Imaginary problem

In the section entitled ‘Object’ of the amendment one can read: ‘It is desirable to remove (palm oil’s) competitive advantage, which is based only on the fact that the cost of health and environmental damage it causes is outsourced and supported by the community.’

The justification for the proposed new tax relies on the idea of ‘palm oil’s competitive advantage’. We have seen, through basic economic analysis that this ‘competitive advantage’ is, at best, partial information and to a large extent a lie.

The economic analysis is clear: palm oil is currently taxed higher than all domestic vegetable oils, and substantially more than olive oil. To raise the palm oil tax further, in a discriminatory manner, would be grossly disproportionate.

More to the point, the Senators are trying to solve a problem that the economics proves does not exist. The problem exists only in their imagination. The proposed tax on palm oil is therefore an unnecessary and undesirable ‘solution’ to an imaginary problem.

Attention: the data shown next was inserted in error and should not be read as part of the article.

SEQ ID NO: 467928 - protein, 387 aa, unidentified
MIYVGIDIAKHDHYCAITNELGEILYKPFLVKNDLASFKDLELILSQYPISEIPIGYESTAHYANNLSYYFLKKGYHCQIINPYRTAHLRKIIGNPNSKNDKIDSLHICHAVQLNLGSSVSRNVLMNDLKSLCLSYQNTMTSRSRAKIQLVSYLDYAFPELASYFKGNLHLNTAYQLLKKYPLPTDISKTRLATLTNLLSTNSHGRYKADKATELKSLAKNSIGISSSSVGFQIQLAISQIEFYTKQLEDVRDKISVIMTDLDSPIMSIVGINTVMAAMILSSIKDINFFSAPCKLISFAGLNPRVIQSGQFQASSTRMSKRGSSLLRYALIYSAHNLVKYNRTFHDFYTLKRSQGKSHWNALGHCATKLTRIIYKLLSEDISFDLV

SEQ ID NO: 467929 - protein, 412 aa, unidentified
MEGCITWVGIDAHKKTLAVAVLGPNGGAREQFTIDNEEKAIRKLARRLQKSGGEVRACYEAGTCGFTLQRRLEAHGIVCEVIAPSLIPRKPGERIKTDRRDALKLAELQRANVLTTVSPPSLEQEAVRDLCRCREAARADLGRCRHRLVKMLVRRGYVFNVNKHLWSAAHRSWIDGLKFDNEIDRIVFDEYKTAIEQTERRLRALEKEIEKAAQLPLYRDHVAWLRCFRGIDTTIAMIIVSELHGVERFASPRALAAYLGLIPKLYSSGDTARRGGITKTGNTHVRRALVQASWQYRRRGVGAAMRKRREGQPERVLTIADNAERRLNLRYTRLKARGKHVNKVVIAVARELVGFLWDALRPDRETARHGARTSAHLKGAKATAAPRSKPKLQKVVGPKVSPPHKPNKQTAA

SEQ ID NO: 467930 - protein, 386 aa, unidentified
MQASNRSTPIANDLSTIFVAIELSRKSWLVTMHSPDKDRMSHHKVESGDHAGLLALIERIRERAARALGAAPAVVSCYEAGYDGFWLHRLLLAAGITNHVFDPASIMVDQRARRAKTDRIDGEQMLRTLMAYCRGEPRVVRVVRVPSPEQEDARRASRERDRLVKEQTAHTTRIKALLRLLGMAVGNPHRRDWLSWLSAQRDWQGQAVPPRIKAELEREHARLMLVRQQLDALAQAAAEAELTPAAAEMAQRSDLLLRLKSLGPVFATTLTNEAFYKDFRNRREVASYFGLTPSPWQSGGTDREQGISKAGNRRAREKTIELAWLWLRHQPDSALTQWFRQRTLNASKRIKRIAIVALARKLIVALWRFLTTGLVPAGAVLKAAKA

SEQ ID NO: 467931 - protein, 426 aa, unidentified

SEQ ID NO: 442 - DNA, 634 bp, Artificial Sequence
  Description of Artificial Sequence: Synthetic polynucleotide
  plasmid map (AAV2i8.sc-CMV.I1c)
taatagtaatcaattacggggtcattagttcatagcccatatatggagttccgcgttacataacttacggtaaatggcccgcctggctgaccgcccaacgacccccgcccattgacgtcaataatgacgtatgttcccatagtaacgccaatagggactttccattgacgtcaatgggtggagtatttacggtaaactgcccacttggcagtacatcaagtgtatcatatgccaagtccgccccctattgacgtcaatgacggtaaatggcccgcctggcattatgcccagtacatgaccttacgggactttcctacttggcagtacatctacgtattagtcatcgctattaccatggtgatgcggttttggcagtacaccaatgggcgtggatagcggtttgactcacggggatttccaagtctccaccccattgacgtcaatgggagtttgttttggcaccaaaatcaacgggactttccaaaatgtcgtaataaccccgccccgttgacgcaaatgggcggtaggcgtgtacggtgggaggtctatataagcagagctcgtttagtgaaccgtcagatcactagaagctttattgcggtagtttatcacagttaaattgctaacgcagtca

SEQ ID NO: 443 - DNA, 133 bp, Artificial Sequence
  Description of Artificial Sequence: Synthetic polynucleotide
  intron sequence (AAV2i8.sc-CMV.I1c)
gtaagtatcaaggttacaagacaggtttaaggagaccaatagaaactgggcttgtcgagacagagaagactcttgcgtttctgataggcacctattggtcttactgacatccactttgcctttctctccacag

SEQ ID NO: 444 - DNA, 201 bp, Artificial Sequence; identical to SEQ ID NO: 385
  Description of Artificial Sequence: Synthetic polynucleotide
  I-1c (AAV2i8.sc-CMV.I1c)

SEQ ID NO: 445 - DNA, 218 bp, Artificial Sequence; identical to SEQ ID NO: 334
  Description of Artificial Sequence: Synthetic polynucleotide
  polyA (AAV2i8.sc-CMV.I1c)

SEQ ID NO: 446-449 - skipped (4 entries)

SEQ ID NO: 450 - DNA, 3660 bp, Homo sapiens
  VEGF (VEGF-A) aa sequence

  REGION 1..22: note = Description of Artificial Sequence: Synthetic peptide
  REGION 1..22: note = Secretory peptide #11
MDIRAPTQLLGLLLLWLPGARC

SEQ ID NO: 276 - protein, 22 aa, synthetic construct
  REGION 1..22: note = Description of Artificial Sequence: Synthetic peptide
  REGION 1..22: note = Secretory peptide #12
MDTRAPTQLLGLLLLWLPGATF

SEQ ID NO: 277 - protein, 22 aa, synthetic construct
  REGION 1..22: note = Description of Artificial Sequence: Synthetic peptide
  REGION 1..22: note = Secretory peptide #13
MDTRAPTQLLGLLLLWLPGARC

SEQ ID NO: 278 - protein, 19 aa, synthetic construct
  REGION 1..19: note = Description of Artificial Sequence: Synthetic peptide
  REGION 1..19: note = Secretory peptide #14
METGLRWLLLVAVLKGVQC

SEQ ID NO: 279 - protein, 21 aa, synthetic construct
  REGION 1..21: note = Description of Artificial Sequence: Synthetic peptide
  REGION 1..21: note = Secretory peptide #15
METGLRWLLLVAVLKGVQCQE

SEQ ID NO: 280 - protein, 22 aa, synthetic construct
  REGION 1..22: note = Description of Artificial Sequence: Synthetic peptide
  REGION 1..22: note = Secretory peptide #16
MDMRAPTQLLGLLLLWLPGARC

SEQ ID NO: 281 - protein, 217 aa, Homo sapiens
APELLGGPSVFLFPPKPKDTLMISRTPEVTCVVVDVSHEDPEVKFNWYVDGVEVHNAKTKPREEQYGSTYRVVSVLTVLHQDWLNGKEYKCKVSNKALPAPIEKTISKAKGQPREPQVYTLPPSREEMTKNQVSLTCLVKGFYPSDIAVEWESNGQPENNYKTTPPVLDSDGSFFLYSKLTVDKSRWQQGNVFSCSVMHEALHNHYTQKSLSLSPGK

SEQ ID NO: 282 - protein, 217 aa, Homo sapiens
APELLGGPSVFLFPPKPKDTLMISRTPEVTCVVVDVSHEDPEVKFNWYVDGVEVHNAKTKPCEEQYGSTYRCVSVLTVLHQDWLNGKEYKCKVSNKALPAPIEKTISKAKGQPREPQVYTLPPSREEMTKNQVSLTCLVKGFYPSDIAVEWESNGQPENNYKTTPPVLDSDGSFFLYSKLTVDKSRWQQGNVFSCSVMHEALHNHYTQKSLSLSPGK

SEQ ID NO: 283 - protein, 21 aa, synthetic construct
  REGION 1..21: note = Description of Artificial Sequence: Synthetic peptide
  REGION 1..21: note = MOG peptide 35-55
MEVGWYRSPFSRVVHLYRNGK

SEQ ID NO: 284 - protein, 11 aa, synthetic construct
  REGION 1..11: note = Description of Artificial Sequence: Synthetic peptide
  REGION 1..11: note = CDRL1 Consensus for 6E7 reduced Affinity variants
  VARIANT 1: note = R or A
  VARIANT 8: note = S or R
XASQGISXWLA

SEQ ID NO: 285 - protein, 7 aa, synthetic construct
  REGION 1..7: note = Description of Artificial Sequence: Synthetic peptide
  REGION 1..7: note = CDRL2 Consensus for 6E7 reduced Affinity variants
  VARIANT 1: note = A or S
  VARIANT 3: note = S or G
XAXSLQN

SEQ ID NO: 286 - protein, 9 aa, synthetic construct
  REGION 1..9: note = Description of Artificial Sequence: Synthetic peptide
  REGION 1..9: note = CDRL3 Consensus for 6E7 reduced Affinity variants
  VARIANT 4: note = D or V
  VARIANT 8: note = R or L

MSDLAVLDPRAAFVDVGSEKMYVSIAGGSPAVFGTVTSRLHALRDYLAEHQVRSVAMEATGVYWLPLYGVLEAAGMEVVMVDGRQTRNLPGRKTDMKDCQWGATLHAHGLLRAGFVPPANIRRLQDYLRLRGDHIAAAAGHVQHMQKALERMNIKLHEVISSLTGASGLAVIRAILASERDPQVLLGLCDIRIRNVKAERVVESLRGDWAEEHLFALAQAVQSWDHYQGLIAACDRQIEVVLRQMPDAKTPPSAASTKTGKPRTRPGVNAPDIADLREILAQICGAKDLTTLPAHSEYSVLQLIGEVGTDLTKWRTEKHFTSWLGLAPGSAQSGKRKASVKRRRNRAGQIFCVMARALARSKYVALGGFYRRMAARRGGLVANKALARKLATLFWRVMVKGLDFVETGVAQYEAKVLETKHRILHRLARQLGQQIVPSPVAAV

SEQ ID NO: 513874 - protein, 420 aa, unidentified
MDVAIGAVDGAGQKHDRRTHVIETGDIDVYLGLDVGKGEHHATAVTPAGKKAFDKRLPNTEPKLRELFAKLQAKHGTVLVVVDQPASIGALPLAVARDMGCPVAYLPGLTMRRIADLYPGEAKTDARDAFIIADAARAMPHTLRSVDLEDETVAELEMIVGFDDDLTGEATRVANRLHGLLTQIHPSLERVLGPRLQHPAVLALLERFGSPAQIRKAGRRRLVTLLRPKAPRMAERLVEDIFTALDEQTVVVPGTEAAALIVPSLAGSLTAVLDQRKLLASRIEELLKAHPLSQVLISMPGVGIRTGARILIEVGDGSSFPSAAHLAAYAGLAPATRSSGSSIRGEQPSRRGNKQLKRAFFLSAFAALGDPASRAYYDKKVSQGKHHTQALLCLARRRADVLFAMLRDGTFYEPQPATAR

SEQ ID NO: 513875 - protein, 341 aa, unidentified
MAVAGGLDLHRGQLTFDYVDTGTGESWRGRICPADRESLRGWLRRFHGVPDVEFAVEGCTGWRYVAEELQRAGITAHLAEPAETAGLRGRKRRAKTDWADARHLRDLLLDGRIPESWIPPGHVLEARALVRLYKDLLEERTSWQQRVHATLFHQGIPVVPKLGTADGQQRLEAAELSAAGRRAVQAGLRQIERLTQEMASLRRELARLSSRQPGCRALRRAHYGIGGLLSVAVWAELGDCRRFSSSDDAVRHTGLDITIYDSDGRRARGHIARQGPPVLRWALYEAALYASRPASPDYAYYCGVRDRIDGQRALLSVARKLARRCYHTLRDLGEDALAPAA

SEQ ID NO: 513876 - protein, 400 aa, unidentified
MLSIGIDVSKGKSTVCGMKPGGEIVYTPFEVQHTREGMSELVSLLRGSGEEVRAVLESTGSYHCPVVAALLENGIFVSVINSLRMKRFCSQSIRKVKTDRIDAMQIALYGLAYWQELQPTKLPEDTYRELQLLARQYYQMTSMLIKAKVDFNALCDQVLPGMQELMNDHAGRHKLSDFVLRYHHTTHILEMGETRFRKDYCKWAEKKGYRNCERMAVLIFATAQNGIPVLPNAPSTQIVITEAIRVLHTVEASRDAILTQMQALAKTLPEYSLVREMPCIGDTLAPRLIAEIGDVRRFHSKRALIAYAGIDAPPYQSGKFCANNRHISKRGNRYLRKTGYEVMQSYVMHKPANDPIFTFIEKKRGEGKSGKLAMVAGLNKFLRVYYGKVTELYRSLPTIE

The truth is that the proposed tax would immensely penalise palm oil producers and users, bringing the ad valorem tax on palm oil in the region of 200% (to be compared with a rate of 4.9% for olive oil).

In conclusion, from the point of view of economic analysis, there is no reason at all to recommend or support this tax.

[Note: The author’s report on this economic analysis, commissioned by the Malaysian Palm Oil Council, was completed in March 2016. The tax proposal was rejected in the National Assembly in June. Senators then confirmed the decision in July. This is an edited version of the report.]


 

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